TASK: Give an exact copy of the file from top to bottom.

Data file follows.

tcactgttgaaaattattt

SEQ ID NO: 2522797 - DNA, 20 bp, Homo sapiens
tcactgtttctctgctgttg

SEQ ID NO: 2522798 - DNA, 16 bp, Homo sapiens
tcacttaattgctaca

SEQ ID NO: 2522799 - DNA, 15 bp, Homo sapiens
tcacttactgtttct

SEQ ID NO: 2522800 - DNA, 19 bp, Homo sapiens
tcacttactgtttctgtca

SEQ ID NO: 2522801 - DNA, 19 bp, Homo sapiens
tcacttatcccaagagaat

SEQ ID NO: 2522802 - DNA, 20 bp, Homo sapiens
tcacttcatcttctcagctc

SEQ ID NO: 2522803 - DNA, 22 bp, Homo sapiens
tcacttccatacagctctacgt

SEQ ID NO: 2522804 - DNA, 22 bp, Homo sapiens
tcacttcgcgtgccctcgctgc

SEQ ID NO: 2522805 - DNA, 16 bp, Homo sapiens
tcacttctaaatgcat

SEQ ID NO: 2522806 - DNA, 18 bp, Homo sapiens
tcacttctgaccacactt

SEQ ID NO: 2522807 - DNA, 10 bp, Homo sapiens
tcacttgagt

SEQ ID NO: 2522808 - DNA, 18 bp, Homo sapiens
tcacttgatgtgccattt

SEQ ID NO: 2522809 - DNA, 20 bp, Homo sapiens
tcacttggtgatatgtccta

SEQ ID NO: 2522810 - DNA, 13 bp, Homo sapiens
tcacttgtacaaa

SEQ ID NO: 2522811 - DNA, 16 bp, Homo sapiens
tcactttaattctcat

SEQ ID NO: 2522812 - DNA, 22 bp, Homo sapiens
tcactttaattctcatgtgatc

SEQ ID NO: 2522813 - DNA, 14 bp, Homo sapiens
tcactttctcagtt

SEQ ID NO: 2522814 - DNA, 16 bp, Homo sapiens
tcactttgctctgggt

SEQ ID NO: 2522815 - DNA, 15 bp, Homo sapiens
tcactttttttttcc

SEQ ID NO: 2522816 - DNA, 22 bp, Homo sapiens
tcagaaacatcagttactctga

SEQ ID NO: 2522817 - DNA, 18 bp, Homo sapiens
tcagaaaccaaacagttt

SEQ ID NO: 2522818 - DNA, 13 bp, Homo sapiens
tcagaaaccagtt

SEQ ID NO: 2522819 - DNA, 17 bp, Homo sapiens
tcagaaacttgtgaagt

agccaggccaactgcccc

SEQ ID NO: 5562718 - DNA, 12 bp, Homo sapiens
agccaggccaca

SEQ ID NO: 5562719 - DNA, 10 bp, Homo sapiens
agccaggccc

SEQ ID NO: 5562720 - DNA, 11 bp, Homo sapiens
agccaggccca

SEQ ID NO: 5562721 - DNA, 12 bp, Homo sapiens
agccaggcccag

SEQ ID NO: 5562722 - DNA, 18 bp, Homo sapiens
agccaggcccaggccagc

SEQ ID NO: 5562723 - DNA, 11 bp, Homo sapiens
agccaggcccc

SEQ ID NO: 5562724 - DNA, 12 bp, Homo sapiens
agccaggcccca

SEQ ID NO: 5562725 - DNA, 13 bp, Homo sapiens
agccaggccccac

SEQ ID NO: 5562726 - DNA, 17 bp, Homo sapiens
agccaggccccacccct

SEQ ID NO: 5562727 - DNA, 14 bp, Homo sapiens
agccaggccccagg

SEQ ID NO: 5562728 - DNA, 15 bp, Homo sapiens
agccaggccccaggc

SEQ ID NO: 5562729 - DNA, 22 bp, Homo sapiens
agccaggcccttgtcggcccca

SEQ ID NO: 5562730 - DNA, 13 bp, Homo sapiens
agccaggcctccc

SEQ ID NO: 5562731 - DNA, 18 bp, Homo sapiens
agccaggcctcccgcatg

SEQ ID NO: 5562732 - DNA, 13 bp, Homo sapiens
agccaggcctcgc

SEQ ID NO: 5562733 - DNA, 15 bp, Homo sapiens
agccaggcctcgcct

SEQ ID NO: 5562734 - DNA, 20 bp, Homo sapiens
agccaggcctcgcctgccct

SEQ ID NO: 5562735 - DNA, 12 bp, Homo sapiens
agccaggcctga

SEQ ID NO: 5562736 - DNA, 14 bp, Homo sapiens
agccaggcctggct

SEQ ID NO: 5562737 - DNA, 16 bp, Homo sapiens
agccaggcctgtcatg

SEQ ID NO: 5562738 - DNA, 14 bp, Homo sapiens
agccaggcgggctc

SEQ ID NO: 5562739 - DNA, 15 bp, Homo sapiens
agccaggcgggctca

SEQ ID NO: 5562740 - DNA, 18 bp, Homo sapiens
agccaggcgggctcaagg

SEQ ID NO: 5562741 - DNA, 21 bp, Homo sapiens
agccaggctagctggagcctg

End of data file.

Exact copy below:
tcactgttgaaaattattt

SEQ ID NO: 2522797 - DNA, 20 bp, Homo sapiens
tcactgtttctctgctgttg

SEQ ID NO: 2522798 - DNA, 16 bp, Homo sapiens
tcacttaattgctaca

SEQ ID NO: 2522799 - DNA, 15 bp, Homo sapiens
tcacttactgtttct

SEQ ID NO: 2522800 - DNA, 19 bp, Homo sapiens
tcacttactgtttctgtca

SEQ ID NO: 2522801 - DNA, 19 bp, Homo sapiens
tcacttatcccaagagaat

SEQ ID NO: 2522802 - DNA, 20 bp, Homo sapiens
tcacttcatcttctcagctc

SEQ ID NO: 2522803 - DNA, 22 bp, Homo sapiens
tcacttccatacagctctacgt

SEQ ID NO: 2522804 - DNA, 22 bp, Homo sapiens
tcacttcgcgtgccctcgctgc

SEQ ID NO: 2522805 - DNA, 16 bp, Homo sapiens
tcacttctaaatgcat

SEQ ID NO: 2522806 - DNA, 18 bp, Homo sapiens
tcacttctgaccacactt

SEQ ID NO: 2522807 - DNA, 10 bp, Homo sapiens
tcacttgagt

SEQ ID NO: 2522808 - DNA, 18 bp, Homo sapiens
tcacttgatgtgccattt

SEQ ID NO: 2522809 - DNA, 20 bp, Homo sapiens
tcacttggtgatatgtccta

SEQ ID NO: 2522810 - DNA, 13 bp, Homo sapiens
tcacttgtacaaa

SEQ ID NO: 2522811 - DNA, 16 bp, Homo sapiens
tcactttaattctcat

SEQ ID NO: 2522812 - DNA, 22 bp, Homo sapiens
tcactttaattctcatgtgatc

SEQ ID NO: 2522813 - DNA, 14 bp, Homo sapiens
tcactttctcagtt

SEQ ID NO: 2522814 - DNA, 16 bp, Homo sapiens
tcactttgctctgggt

SEQ ID NO: 2522815 - DNA, 15 bp, Homo sapiens
tcactttttttttcc

SEQ ID NO: 2522816 - DNA, 22 bp, Homo sapiens
tcagaaacatcagttactctga

SEQ ID NO: 2522817 - DNA, 18 bp, Homo sapiens
tcagaaaccaaacagttt

SEQ ID NO: 2522818 - DNA, 13 bp, Homo sapiens
tcagaaaccagtt

SEQ ID NO: 2522819 - DNA, 17 bp, Homo sapiens
tcagaaacttgtgaagt

agccaggccaactgcccc

SEQ ID NO: 5562718 - DNA, 12 bp, Homo sapiens
agccaggccaca

SEQ ID NO: 5562719 - DNA, 10 bp, Homo sapiens
agccaggccc

SEQ ID NO: 5562720 - DNA, 11 bp, Homo sapiens
agccaggccca

SEQ ID NO: 5562721 - DNA, 12 bp, Homo sapiens
agccaggcccag

SEQ ID NO: 5562722 - DNA, 18 bp, Homo sapiens
agccaggcccaggccagc

SEQ ID NO: 5562723 - DNA, 11 bp, Homo sapiens
agccaggcccc

SEQ ID NO: 5562724 - DNA, 12 bp, Homo sapiens
agccaggcccca

SEQ ID NO: 5562725 - DNA, 13 bp, Homo sapiens
agccaggccccac

SEQ ID NO: 5562726 - DNA, 17 bp, Homo sapiens
agccaggccccacccct

SEQ ID NO: 5562727 - DNA, 14 bp, Homo sapiens
agccaggccccagg

SEQ ID NO: 5562728 - DNA, 15 bp, Homo sapiens
agccaggccccaggc

SEQ ID NO: 5562729 - DNA, 22 bp, Homo sapiens
agccaggcccttgtcggcccca

SEQ ID NO: 5562730 - DNA, 13 bp, Homo sapiens
agccaggcctccc

SEQ ID NO: 5562731 - DNA, 18 bp, Homo sapiens
agccaggcctcccgcatg

SEQ ID NO: 5562732 - DNA, 13 bp, Homo sapiens
agccaggcctcgc

SEQ ID NO: 5562733 - DNA, 15 bp, Homo sapiens
agccaggcctcgcct

SEQ ID NO: 5562734 - DNA, 20 bp, Homo sapiens
agccaggcctcgcctgccct

SEQ ID NO: 5562735 - DNA, 12 bp, Homo sapiens
agccaggcctga

SEQ ID NO: 5562736 - DNA, 14 bp, Homo sapiens
agccaggcctggct

SEQ ID NO: 5562737 - DNA, 16 bp, Homo sapiens
agccaggcctgtcatg

SEQ ID NO: 5562738 - DNA, 14 bp, Homo sapiens
agccaggcgggctc

SEQ ID NO: 5562739 - DNA, 15 bp, Homo sapiens
agccaggcgggctca

SEQ ID NO: 5562740 - DNA, 18 bp, Homo sapiens
agccaggcgggctcaagg

SEQ ID NO: 5562741 - DNA, 21 bp, Homo sapiens
agccaggctagctggagcctg